BACKYARD COMPOSTING PROGRAM
The Town of Carleton Place has a long-standing commitment to the environment to ensure our community remains a place where families want to call home. The backyard composting rebate program is a direct result of proactive citizens wanting to contribute to the reduction of organic waste entering landfills.
A compost bin is an eco-friendly family project that anyone can start! Get the kids involved and teach them how a little change can make a huge difference.
Thank you for your interest in making Carleton Place a greener community.
What to Compost
GREENS - Coffee grounds, food waste (vegetable peelings, rotten fruit, rinsed egg shells), tea leaves, garden waste, grass clippings, hay, hops (used), manures, seaweed, weeds that have not gone to seed, pet hair.
BROWNS - Ashes, wood, bark, shredded cardboard, corn stalks, leaves, shredded newspaper, straw, pine needles, sawdust, stems and twigs (cut up).
NEVER COMPOST - Oils and fats, bread products, rice and pasta, sauces, dairy products, nuts, fish, meat and bones, pet droppings, weeds that have gone to seed, diseased plants, coloured paper, coal ash.
- Select a site: In a sunny, well-drained and level location.
- Form base layer: Arrange a six-inch layer of coarse materials such as sticks, prunings, and bark pieces.
- Alternate layers: Add waste to the bin in layers alternating between green and brown.
- Moisten: Lightly water the pile. Pile should be damp.
- Cover: The compost pile should always be topped by a thick carbon (brown) layer. Using a lid will discourage rodents and other animals.
- Monitor: Each time you add to the pile, give it a look and a sniff.
- Add more layers: The pile will shrink as its contents decompose; continue adding material.
In the kitchen:
- Cut food scraps into smaller pieces for faster decomposition.
- A glass or metal container for collecting kitchen waste won’t hang onto odours the way plastics do. A tight fitting lid will keep the fruit flies out.
- If the fruit flies bother you, store food scraps in the fridge or freezer.
- Whenever you add a food layer (green or eggshells), top it with browns.
- The beneficial microorganisms in your compost pile need oxygen. Leave lots of air space in your bin, and mix the contents every week or two.
- Collect dry leaves and grass in a separate, dry container. Then you can add “browns” all year-round.
- Don’t be alarmed if your pile steams or stinks — that means materials are decomposing.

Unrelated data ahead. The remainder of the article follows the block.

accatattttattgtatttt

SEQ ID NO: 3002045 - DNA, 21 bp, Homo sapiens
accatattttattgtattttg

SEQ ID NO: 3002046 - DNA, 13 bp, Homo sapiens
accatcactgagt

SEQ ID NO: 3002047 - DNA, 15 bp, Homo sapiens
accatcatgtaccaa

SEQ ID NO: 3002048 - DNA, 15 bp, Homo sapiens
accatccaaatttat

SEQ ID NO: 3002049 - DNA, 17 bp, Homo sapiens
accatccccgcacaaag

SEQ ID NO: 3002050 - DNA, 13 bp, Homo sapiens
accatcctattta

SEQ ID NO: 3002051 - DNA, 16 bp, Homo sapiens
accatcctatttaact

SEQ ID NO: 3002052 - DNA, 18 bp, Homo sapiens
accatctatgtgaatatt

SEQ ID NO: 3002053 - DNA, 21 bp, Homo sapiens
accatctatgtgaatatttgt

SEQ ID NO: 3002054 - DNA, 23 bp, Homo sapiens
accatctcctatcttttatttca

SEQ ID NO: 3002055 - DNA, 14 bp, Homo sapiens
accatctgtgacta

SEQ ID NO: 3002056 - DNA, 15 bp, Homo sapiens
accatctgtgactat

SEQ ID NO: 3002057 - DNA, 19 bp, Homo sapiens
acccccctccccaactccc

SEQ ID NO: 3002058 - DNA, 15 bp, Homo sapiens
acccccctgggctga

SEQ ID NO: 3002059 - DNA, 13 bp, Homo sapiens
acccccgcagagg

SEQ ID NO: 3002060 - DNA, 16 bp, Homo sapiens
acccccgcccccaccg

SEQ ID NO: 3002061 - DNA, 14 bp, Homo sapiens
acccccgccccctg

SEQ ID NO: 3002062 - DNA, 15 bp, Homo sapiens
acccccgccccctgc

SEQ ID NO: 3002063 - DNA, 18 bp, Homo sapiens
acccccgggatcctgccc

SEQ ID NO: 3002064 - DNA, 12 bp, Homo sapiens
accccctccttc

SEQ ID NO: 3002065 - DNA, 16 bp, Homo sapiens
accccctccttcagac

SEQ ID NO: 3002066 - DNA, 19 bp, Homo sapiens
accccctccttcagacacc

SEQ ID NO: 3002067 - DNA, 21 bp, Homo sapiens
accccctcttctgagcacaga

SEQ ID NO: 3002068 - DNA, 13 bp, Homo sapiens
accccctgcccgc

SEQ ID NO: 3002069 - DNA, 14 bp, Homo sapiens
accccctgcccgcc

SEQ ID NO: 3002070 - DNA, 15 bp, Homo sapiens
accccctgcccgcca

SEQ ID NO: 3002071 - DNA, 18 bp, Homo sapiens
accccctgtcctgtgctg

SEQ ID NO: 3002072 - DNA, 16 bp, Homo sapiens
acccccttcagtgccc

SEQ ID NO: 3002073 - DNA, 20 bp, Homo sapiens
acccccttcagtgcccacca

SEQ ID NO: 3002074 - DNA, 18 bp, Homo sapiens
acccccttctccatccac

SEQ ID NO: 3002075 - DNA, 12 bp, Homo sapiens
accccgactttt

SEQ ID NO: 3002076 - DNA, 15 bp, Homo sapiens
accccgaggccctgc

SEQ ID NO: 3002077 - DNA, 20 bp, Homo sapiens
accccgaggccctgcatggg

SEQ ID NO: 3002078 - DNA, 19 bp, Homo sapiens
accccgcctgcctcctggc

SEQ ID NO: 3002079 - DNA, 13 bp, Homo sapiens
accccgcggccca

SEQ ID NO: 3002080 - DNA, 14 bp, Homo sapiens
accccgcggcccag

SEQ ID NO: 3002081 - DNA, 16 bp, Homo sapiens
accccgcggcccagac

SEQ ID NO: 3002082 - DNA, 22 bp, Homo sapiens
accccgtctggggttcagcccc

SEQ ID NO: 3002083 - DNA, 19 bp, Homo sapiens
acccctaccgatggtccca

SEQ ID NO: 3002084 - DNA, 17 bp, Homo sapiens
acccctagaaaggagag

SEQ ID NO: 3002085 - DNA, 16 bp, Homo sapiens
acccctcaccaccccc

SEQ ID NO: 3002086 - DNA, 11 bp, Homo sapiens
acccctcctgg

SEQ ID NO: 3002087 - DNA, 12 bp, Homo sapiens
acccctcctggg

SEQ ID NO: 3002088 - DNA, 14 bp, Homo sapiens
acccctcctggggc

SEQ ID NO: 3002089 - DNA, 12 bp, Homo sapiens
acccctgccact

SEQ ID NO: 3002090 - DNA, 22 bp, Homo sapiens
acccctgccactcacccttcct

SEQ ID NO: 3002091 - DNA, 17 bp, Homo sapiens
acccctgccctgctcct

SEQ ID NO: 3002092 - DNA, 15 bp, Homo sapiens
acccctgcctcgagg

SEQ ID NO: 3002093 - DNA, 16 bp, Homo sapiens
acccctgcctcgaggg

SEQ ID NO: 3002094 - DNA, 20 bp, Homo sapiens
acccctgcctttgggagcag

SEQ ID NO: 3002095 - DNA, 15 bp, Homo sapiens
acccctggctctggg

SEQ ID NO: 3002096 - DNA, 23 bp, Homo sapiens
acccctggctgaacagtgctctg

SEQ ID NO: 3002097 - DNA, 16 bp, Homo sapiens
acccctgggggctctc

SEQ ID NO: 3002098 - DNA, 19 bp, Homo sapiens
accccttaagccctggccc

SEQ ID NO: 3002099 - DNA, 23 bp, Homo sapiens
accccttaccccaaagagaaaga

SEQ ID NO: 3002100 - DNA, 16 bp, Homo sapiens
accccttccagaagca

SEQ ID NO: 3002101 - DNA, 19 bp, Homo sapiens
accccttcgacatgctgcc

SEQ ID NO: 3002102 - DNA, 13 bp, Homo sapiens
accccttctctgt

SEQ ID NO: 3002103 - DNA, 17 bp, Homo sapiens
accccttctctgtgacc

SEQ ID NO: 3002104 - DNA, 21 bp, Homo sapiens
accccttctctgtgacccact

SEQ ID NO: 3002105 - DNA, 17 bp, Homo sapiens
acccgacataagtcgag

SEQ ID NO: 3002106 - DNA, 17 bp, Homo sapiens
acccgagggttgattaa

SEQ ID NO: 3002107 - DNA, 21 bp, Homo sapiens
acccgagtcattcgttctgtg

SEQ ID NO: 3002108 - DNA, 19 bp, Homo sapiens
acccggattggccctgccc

- Compost pile is wet and stinky
- Problem: Too many greens
- Solution: Add browns, turn pile, poke holes in it, and put scraps in the centre of the pile. Make sure the bottom is not continually waterlogged.
- Pile is dry
- Problem: Too many browns and not enough water
- Solution: Add fresh kitchen scraps. Moisten the pile with water and cover to reduce evaporation.
- Pile is cold
- Problem: Lack of nitrogen
- Solution: Add greens. Move to sunnier location.
- Compost is attracting pests
- Problem: Improper materials added, and insufficient coverage
- Solution: Use a pest-resistant bin with secure lid. Avoid adding grease, oils, meats, and breads. Bury food material with thick layer of brown material.
- Compost is attracting fruit flies
- Problem: Food scraps are exposed
- Solution: Put kitchen scraps in centre of pile and cover greens with browns.
Frequently Asked Questions:
- How long will it take?
- This depends on the size of the pile, the ingredients used, and the amount of heat generated. Cold piles can take up to a year to decompose, but fully active piles can mature in three to four months.
- Can I speed up the process?
- Chop and shred larger items, making it easier for bacteria to break them down. Give your compost heap a “big meal” rather than small snacks. Collect all your organic waste over a couple of days and then add it in one big bunch. The more you add at one time, the more your compost will heat up. Keep your compost pile in the sun.
- How Do I Use the Compost?
- Add to potting soil for indoor seed-starting.
- Use as mulch to protect plants’ roots.
- Incorporate in to your garden to improve soil texture.
- Make compost tea—by mixing finished compost with water and letting it sit for a couple of days. Apply compost tea to leaves or soil to provide your plants with a boost of nutrients.
Four Seasons of Composting
Spring - Stir well and add some soil to kick-start your composter. Dig out any finished compost from the bottom to use in your lawn or garden.
Summer - Keep your composter humming by stirring it frequently and covering fresh material with leaves or grass. If the compost looks dry, add some water.
Fall - Harvest Time! Clean our your compost and dig the finished material into your garden. If possible, save some leaves to add to your composter during the year.
Winter - With the colder temperatures your compost with decompose slower. Don't worry, let it fill up. Once spring comes it will all decompose rapidly.